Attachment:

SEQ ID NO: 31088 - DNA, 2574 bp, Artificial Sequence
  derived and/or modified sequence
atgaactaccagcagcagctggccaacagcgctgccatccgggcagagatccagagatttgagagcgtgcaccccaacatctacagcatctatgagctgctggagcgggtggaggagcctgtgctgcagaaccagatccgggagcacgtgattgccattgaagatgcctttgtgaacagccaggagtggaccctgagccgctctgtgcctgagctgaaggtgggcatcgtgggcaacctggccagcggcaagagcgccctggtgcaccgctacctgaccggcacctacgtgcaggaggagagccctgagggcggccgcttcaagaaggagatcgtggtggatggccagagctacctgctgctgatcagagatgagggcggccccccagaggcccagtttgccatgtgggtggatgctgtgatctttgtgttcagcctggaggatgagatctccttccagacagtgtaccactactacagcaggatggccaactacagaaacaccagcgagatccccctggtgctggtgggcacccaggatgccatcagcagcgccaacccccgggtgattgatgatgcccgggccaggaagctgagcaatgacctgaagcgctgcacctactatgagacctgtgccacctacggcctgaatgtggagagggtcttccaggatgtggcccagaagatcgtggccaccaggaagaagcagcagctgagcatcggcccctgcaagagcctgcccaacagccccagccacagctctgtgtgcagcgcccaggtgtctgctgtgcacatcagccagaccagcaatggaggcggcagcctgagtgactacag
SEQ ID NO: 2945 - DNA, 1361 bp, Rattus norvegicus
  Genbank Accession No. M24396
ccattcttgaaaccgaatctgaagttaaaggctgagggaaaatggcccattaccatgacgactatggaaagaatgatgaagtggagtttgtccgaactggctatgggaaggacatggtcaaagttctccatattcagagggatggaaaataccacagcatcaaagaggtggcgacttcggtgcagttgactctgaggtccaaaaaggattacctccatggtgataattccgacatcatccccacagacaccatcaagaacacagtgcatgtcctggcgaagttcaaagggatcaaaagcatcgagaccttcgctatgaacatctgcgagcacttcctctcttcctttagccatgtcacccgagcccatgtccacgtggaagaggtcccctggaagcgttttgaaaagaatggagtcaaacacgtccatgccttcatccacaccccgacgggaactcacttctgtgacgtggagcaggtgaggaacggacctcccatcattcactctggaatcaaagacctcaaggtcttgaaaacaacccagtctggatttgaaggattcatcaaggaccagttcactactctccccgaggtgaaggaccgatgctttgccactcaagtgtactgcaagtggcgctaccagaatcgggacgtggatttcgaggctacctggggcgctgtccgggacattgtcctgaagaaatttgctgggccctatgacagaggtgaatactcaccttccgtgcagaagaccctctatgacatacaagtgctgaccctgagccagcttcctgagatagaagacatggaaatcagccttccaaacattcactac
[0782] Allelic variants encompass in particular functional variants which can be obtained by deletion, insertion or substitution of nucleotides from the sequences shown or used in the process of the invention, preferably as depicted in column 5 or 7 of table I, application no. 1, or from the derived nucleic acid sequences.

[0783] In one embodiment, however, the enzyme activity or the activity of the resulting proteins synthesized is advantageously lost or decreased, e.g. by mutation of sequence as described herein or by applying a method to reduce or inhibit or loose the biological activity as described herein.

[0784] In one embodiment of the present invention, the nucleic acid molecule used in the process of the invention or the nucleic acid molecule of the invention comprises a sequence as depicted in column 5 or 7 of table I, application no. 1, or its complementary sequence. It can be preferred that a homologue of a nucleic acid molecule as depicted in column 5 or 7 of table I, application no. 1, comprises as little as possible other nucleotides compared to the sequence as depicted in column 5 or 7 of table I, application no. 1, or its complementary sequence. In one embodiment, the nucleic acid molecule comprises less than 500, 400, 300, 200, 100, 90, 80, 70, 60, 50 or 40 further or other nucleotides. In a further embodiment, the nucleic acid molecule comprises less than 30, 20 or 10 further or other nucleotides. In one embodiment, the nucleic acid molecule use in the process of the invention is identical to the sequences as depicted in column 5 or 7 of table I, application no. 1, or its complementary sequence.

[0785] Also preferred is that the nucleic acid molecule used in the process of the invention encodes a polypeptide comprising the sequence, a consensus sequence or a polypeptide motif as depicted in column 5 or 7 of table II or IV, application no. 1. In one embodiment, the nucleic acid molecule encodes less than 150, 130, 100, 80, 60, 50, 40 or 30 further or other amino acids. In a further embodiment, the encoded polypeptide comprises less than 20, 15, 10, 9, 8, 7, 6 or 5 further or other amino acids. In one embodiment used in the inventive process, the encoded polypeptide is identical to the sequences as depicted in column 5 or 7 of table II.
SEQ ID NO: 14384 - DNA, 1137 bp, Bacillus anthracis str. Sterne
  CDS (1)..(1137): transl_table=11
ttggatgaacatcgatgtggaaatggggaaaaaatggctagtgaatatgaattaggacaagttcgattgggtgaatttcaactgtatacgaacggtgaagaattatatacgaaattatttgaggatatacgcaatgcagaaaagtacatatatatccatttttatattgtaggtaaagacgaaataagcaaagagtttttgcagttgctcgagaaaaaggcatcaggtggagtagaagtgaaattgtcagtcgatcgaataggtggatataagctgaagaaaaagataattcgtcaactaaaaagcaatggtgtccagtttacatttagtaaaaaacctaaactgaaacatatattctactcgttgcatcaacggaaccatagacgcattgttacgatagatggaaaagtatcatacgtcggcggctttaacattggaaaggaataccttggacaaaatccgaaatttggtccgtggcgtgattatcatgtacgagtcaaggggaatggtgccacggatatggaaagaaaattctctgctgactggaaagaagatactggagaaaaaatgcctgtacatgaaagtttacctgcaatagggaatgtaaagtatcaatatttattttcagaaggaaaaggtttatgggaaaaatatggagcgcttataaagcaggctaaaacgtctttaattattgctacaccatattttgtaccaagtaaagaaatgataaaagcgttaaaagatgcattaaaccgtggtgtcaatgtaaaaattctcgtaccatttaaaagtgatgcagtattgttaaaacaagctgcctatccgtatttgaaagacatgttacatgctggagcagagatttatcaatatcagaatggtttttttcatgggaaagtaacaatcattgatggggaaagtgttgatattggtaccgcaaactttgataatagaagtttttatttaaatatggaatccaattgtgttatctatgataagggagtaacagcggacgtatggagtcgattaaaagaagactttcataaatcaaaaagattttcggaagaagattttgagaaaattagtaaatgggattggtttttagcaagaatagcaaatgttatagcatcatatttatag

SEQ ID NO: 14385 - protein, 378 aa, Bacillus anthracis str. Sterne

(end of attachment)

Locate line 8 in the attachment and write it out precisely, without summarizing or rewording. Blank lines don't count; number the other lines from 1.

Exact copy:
[0783] In one embodiment, however, the enzyme activity or the activity of the resulting proteins synthesized is advantageously lost or decreased, e.g. by mutation of sequence as described herein or by applying a method to reduce or inhibit or loose the biological activity as described herein.